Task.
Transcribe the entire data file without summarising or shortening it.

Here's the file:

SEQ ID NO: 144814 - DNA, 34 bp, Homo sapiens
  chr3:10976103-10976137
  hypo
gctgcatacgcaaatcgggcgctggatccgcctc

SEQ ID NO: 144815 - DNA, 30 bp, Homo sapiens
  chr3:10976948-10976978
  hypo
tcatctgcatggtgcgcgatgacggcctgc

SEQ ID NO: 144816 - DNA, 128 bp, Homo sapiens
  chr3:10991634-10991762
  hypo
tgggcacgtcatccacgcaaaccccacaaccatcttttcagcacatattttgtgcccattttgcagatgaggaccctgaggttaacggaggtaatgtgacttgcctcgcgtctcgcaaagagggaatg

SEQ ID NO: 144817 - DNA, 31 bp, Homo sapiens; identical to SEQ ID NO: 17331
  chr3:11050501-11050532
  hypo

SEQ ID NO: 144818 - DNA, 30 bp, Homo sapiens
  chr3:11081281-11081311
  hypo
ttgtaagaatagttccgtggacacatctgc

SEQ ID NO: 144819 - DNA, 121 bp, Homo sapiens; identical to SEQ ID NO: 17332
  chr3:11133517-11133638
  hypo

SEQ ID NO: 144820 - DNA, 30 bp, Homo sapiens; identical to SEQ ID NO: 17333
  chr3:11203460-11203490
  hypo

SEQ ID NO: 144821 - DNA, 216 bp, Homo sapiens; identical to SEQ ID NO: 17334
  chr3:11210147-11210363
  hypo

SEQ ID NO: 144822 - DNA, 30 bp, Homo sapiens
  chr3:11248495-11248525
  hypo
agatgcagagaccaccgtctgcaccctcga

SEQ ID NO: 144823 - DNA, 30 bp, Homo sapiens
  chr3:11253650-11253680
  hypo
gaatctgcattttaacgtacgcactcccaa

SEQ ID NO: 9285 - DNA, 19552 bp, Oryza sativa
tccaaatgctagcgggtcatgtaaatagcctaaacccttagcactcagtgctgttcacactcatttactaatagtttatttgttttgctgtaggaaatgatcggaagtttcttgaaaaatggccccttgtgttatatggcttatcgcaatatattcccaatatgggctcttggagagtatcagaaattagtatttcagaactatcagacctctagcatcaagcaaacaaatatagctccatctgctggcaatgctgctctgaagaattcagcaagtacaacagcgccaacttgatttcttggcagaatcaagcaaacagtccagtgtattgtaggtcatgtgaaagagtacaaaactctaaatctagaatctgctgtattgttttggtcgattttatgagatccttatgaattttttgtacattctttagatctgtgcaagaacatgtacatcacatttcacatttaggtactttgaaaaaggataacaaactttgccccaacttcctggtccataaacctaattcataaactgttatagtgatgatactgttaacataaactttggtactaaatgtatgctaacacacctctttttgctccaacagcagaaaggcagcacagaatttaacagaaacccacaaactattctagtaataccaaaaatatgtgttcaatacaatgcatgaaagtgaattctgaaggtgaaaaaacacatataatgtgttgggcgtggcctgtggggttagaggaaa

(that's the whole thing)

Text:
SEQ ID NO: 144814 - DNA, 34 bp, Homo sapiens
  chr3:10976103-10976137
  hypo
gctgcatacgcaaatcgggcgctggatccgcctc

SEQ ID NO: 144815 - DNA, 30 bp, Homo sapiens
  chr3:10976948-10976978
  hypo
tcatctgcatggtgcgcgatgacggcctgc

SEQ ID NO: 144816 - DNA, 128 bp, Homo sapiens
  chr3:10991634-10991762
  hypo
tgggcacgtcatccacgcaaaccccacaaccatcttttcagcacatattttgtgcccattttgcagatgaggaccctgaggttaacggaggtaatgtgacttgcctcgcgtctcgcaaagagggaatg

SEQ ID NO: 144817 - DNA, 31 bp, Homo sapiens; identical to SEQ ID NO: 17331
  chr3:11050501-11050532
  hypo

SEQ ID NO: 144818 - DNA, 30 bp, Homo sapiens
  chr3:11081281-11081311
  hypo
ttgtaagaatagttccgtggacacatctgc

SEQ ID NO: 144819 - DNA, 121 bp, Homo sapiens; identical to SEQ ID NO: 17332
  chr3:11133517-11133638
  hypo

SEQ ID NO: 144820 - DNA, 30 bp, Homo sapiens; identical to SEQ ID NO: 17333
  chr3:11203460-11203490
  hypo

SEQ ID NO: 144821 - DNA, 216 bp, Homo sapiens; identical to SEQ ID NO: 17334
  chr3:11210147-11210363
  hypo

SEQ ID NO: 144822 - DNA, 30 bp, Homo sapiens
  chr3:11248495-11248525
  hypo
agatgcagagaccaccgtctgcaccctcga

SEQ ID NO: 144823 - DNA, 30 bp, Homo sapiens
  chr3:11253650-11253680
  hypo
gaatctgcattttaacgtacgcactcccaa

SEQ ID NO: 9285 - DNA, 19552 bp, Oryza sativa
tccaaatgctagcgggtcatgtaaatagcctaaacccttagcactcagtgctgttcacactcatttactaatagtttatttgttttgctgtaggaaatgatcggaagtttcttgaaaaatggccccttgtgttatatggcttatcgcaatatattcccaatatgggctcttggagagtatcagaaattagtatttcagaactatcagacctctagcatcaagcaaacaaatatagctccatctgctggcaatgctgctctgaagaattcagcaagtacaacagcgccaacttgatttcttggcagaatcaagcaaacagtccagtgtattgtaggtcatgtgaaagagtacaaaactctaaatctagaatctgctgtattgttttggtcgattttatgagatccttatgaattttttgtacattctttagatctgtgcaagaacatgtacatcacatttcacatttaggtactttgaaaaaggataacaaactttgccccaacttcctggtccataaacctaattcataaactgttatagtgatgatactgttaacataaactttggtactaaatgtatgctaacacacctctttttgctccaacagcagaaaggcagcacagaatttaacagaaacccacaaactattctagtaataccaaaaatatgtgttcaatacaatgcatgaaagtgaattctgaaggtgaaaaaacacatataatgtgttgggcgtggcctgtggggttagaggaaa